That’s the power of ABM.
“If you've got more established brands that have won SME, done really well in mid-market, and are now trying to win those bigger, high-ticket deals, then ABM is absolutely the right strategy for that. And you can focus your resources more efficiently.” – Alex Embling, CEO at strategicabm
6. Make ABM and DBM work together
ABM vs. DBM. What’s the difference?
The truth is, there’s a very fine line between Account-based Marketing and Deal-based Marketing.
Sometimes that line is blurred, but each has its strengths – and they can work together to achieve the results you’re looking for.
The biggest difference exists in their purpose.
DBM is finite. It’s about winning a specific deal and ensuring the tools are in place to do so.
ABM, on the other hand, can run for years. It becomes embedded into a business as a way to win multiple deals from target accounts over many cycles.
It’s your knowledge of an account – your insights – and the relationships you’ve established that set ABM apart.
What’s important to remember is that these two approaches can complement each other.
ABM can stimulate demand and drive commercial conversations, while DBM can step in and close the specific deals that have been driven toward them.
Find synergy between the two and you will maximize success.
“There are plenty of examples where ABM has a role in supporting those DBM-type scenarios, making sure that they've got the right content, ongoing insights, and stakeholder research. Then make sure that pitches are highly tailored and land with impact.” – Alex Embling, CEO at strategicabm
7. Partner with ABM experts
Once you decide that ABM is the right path, you need to know where to start.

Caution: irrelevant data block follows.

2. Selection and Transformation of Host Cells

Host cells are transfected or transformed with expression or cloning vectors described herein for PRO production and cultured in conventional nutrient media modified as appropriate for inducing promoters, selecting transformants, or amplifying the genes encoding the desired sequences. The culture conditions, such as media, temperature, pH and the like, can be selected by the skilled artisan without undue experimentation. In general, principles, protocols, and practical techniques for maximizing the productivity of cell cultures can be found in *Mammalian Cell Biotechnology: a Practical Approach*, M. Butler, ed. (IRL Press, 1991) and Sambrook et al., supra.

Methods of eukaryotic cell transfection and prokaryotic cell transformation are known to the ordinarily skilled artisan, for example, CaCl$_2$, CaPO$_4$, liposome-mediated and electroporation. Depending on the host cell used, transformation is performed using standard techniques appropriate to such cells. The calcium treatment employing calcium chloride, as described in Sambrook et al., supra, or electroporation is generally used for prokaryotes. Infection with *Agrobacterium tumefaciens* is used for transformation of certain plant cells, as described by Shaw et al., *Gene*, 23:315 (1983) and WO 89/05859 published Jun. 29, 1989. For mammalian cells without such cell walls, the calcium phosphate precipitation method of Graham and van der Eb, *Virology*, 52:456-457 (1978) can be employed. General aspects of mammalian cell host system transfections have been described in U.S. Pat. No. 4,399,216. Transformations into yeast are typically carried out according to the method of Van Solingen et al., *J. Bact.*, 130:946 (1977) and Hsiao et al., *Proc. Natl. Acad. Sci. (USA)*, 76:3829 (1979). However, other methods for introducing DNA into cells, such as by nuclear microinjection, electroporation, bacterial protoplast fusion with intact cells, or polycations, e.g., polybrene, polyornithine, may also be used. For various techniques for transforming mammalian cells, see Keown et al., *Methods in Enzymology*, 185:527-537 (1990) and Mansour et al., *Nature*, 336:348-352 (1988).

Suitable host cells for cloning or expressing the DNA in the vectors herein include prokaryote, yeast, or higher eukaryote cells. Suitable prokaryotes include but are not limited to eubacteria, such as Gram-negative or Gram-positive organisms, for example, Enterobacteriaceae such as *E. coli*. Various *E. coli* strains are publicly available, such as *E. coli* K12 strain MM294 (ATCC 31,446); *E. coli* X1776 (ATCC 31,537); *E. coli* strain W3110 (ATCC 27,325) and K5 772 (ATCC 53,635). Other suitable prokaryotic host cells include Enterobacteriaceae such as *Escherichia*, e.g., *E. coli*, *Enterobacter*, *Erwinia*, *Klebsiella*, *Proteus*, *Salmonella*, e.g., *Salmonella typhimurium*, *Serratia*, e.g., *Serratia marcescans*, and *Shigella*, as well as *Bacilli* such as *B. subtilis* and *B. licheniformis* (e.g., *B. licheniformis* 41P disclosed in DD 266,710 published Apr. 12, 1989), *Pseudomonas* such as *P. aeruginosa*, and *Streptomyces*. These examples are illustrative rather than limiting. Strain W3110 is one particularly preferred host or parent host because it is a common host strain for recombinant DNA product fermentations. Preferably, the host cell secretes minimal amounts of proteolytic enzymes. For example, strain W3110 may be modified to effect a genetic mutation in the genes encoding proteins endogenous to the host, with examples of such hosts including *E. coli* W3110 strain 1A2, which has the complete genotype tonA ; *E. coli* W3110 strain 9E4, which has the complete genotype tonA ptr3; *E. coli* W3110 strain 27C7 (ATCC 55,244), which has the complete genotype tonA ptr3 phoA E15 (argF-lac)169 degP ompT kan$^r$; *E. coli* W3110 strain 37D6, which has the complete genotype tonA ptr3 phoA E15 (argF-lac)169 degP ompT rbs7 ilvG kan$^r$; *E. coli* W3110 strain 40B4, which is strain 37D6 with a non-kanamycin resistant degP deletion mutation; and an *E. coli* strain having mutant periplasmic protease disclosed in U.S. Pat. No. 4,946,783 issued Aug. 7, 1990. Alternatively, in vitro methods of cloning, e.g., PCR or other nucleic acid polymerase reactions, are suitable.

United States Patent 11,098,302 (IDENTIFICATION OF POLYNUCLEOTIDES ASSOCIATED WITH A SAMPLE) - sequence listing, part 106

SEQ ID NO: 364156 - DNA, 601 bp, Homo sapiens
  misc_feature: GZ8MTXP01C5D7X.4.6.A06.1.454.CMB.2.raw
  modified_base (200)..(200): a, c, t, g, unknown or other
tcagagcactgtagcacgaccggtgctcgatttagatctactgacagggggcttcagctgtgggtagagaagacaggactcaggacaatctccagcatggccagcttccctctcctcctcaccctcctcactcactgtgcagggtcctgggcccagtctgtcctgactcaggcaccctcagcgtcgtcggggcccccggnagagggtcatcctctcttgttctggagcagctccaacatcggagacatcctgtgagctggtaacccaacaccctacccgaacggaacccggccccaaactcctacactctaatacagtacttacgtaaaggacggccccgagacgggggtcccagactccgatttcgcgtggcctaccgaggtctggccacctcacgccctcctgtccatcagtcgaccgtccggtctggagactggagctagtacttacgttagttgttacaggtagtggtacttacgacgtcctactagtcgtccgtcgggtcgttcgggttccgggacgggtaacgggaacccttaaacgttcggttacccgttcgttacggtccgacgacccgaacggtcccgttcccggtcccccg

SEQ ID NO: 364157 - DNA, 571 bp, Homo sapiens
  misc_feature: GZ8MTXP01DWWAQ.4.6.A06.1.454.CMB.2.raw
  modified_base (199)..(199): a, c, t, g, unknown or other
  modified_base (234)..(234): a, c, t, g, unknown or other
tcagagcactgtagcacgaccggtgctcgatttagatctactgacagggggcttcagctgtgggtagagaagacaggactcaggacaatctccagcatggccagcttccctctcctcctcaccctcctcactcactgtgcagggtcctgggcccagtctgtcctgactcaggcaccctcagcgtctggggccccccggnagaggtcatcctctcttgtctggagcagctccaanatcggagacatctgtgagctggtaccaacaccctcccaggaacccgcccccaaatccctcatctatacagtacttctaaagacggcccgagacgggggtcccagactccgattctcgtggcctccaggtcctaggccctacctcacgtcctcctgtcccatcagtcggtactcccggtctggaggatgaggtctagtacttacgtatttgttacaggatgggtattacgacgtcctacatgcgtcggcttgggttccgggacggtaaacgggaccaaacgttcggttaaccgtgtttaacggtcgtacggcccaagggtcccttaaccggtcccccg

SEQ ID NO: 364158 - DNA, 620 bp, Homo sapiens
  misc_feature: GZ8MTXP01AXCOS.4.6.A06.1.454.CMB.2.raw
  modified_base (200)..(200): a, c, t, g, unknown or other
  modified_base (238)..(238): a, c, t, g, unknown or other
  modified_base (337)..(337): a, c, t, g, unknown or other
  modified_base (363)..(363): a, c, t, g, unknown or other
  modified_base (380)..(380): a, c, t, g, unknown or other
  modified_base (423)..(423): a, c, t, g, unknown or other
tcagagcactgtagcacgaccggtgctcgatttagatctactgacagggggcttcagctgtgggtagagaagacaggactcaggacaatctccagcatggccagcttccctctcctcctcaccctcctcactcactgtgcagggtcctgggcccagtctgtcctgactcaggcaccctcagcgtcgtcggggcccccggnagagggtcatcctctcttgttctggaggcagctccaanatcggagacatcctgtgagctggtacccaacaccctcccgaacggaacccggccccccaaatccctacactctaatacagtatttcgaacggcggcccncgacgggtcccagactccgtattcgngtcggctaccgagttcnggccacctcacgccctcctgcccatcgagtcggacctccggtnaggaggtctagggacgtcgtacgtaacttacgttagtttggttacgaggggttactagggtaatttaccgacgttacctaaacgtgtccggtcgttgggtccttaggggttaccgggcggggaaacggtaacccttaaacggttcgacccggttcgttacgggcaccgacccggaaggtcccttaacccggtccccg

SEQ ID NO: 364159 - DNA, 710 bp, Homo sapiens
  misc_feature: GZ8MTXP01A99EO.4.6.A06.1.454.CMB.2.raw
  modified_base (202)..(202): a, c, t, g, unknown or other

Should you do ABM in-house, or do you need to partner with a specialist Agency?
This depends on two things: knowledge and resource.
Partnering with an ABM Agency means filling a gap in one or the other – or both.
It’s the job of an Agency to stay ahead of the market and always be aware of what ‘good’ looks like. They will work to understand the client and identify whether there’s a knowledge gap to be filled.
On the other hand, it may be a case of using the expertise that exists within an agency to accelerate your ABM program.
The best agencies will work to find out how they add value and, using knowledge and resource, design their services to suit client needs.
Partnering with ABM experts helps to get the best out of your program, but it’s always dependent on the existing knowledge and resource you have at your disposal.
If gaps exist, an Agency can help.
They can either partner with you throughout the journey, or act as a booster to get you started – handing over the reins once you have the necessary knowledge and tools.
“The best agencies don't sell. They understand where they can add value most, and overlay their statement of work against that value add.” – Alex Embling, CEO at strategicabm
Ready for ABM success?
Remember to match ABM with careful planning, alignment between teams, and an understanding of the dos and don’ts. You will see the value when you focus on building your reputation and relationships with accounts.
Finally, remain ready to adapt and evolve while filling knowledge and resource gaps where necessary.
Do these things, and you’re primed for ABM success!
Want more Account-based insights? Check out our Let’s talk ABM podcast, where we hear from the movers and shakers of the ABM world.